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Fusion 5.12
    Fusion 5.12

    Importing Security Certificates

    There are numerous reasons that you might be required to import security certificates into the trusted keystore that the Java Virtual Machine (JVM) or the Appkit application is configured to use. These include:

    • Resources from secure servers proxied through Appkit (such as images displayed using the Media module)

    • Authentication mechanisms which require communication with secure back-ends

    • Search platforms using secure protocols for communication

    The JVM comes with a default keystore containing the root certificates for numerous Certificate Authorities (CAs). These are bodies which issue secure certificates, typically used during encrypted HTTPS communication over SSL.

    However not all certificates are recognized by the JVM when it is acting as an HTTPS client communicating with a secured server. This will usually manifest itself as an error coming from the application such as a error. If the error is coming directly from the browser (easily identifiable as a non-Java exception) then it is the user’s browser or operating system rejecting a certificate and not an Appkit related problem.

    If it is evident that the issue is that the JVM does not trust the CA that issues your SSL certificate it does not mean that the certificate is not valid, but rather that the database of valid CAs that comes with the JVM is not complete and does not include the CA root certificate. To solve this you must import the SSL certificate into the Java keystore on each VM running Appkit.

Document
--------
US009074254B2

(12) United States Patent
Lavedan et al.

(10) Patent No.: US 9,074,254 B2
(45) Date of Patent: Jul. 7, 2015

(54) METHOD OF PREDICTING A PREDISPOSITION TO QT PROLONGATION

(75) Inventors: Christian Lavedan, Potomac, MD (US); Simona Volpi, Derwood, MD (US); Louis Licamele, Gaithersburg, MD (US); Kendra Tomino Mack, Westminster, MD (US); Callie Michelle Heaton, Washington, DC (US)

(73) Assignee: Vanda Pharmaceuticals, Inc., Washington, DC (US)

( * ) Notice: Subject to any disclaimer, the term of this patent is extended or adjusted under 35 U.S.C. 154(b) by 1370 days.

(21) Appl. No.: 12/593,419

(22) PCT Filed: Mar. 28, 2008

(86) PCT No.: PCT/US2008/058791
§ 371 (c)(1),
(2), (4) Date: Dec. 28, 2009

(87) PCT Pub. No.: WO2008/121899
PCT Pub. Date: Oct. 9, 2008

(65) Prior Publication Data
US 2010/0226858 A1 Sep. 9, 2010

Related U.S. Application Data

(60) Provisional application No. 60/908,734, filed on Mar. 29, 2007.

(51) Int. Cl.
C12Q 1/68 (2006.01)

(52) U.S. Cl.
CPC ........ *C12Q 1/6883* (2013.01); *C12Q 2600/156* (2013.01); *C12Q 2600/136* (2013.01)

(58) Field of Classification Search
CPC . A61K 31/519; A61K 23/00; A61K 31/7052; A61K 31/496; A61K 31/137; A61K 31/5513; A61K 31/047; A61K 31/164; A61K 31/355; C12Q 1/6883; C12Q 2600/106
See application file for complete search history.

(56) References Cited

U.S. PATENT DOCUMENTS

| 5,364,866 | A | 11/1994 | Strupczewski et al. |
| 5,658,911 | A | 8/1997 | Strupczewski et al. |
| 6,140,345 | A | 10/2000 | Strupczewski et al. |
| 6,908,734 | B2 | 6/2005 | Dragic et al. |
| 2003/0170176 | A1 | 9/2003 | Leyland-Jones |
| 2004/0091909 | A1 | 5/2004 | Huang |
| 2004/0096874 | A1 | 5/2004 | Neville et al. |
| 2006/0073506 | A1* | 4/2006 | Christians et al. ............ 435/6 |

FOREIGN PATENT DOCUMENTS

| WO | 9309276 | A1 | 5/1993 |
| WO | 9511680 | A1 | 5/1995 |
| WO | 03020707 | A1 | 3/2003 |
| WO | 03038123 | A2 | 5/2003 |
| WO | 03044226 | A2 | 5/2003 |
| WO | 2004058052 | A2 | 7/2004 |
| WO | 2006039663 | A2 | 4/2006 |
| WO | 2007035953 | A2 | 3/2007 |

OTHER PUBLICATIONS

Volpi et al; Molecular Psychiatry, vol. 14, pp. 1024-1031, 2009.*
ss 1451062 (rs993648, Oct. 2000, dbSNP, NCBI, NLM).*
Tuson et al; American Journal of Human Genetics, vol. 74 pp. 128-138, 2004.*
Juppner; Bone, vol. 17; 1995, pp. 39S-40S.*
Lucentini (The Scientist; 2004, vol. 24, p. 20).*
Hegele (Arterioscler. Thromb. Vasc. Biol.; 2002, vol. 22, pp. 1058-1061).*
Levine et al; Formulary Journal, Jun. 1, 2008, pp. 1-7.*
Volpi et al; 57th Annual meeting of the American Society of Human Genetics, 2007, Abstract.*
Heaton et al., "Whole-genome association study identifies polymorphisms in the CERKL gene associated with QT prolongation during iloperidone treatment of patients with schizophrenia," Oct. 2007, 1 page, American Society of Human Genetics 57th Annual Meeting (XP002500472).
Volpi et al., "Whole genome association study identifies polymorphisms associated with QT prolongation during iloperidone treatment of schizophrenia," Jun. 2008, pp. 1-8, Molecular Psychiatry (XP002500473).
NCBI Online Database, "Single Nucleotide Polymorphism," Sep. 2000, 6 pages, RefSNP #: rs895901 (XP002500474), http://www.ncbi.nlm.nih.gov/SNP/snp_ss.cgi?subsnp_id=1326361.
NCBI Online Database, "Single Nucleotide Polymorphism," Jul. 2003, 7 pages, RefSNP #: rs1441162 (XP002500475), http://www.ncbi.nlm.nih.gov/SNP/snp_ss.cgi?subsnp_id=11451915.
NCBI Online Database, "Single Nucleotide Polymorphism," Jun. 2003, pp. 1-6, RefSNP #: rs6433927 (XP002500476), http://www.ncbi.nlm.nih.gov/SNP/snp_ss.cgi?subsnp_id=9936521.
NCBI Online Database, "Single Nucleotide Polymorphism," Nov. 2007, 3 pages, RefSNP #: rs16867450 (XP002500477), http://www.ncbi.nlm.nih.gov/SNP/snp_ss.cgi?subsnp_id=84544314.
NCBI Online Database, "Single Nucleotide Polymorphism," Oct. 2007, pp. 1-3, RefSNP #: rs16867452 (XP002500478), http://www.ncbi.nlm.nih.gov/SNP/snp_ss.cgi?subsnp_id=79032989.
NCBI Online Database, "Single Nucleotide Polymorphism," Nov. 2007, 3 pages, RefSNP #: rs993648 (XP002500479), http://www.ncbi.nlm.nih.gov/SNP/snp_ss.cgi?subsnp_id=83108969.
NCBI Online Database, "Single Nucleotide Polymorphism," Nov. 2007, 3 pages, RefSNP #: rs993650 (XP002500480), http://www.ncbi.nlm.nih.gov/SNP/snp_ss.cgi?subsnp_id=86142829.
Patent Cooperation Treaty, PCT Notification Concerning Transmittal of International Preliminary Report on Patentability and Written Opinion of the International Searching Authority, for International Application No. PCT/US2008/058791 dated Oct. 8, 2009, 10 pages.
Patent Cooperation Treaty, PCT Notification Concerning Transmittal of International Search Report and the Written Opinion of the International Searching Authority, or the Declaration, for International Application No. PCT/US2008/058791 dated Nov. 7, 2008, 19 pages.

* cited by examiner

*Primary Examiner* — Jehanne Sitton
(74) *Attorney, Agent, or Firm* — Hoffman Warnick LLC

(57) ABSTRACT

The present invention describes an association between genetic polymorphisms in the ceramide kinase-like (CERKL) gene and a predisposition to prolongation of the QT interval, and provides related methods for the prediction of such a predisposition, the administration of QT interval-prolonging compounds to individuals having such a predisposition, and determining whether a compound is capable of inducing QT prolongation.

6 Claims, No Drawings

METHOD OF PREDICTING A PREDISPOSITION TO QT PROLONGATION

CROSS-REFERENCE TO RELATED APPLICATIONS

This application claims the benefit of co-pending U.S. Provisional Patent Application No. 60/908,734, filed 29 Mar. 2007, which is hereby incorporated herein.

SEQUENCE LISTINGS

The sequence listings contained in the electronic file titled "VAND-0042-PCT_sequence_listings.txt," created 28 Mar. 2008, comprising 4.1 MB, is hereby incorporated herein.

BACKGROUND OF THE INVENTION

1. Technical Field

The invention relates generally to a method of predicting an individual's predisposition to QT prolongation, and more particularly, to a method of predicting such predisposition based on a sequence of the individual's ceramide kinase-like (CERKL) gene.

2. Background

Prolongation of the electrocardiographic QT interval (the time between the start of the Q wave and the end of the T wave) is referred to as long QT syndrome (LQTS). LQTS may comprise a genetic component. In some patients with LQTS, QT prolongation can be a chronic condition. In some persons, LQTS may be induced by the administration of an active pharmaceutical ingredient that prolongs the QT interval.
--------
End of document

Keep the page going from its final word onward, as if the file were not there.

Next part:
Fusion 5.x

    Using a custom certificate for the api-gateway`

    See Create a Java Keystore for Use with Fusion for more information about the process of adding certificates to your Java KeyStore to use with the api-gateway.

    Using custom certificates for specific connectors

    See the Add additional trusted certificate(s) for connectors to allow crawling of web resources with SSL/TLS enabled section of Deploy Fusion at Scale for more information about the process of adding a custom certificate for specific connectors.

    Java SSL

    1. Download the certificate

    Download or otherwise obtain the SSL certificate CRT file for the secured server in question. If the server is accessible from a browser, an easy method to download the certificate is to use the browser’s security inspection tools (usually clicking on the padlock icon in most browsers). For example, in Safari it can be done in this way for

    Safari’s certificate information

    Download the certificate by clicking on the link to the .CRT file and save it as "c:\gsa.crt", for example.

    2. Import the certificate

    1. Run the Java keytool on the machine on which you are running Appkit. This can be your local development machine or a VM or server for QA or production. Assuming you have set the JAVA_HOME environment variable as indicated below:

      %JAVA_HOME%\bin\keytool -importcert -trustcacerts -file c:\gsa.crt -keystore %JAVA_HOME%\jre\lib\security\cacerts
      • Change the path to the .CRT file if needed.

      • The default password of the JVM cacerts keystore is "changeit"

    2. Restart the application server (for example, Tomcat) and retry the action that requires communication over SSL.

    This is a purely SSL+Java configuration issue and has nothing to do with Appkit. If you Google the issue "peer not authenticated", you will find a lot of people suggesting a workaround that is to simply accept all SSL certificates in the Java HTTP client. That is a very bad idea for the reason that it bypasses SSL security and exposes the application to a MITM attack.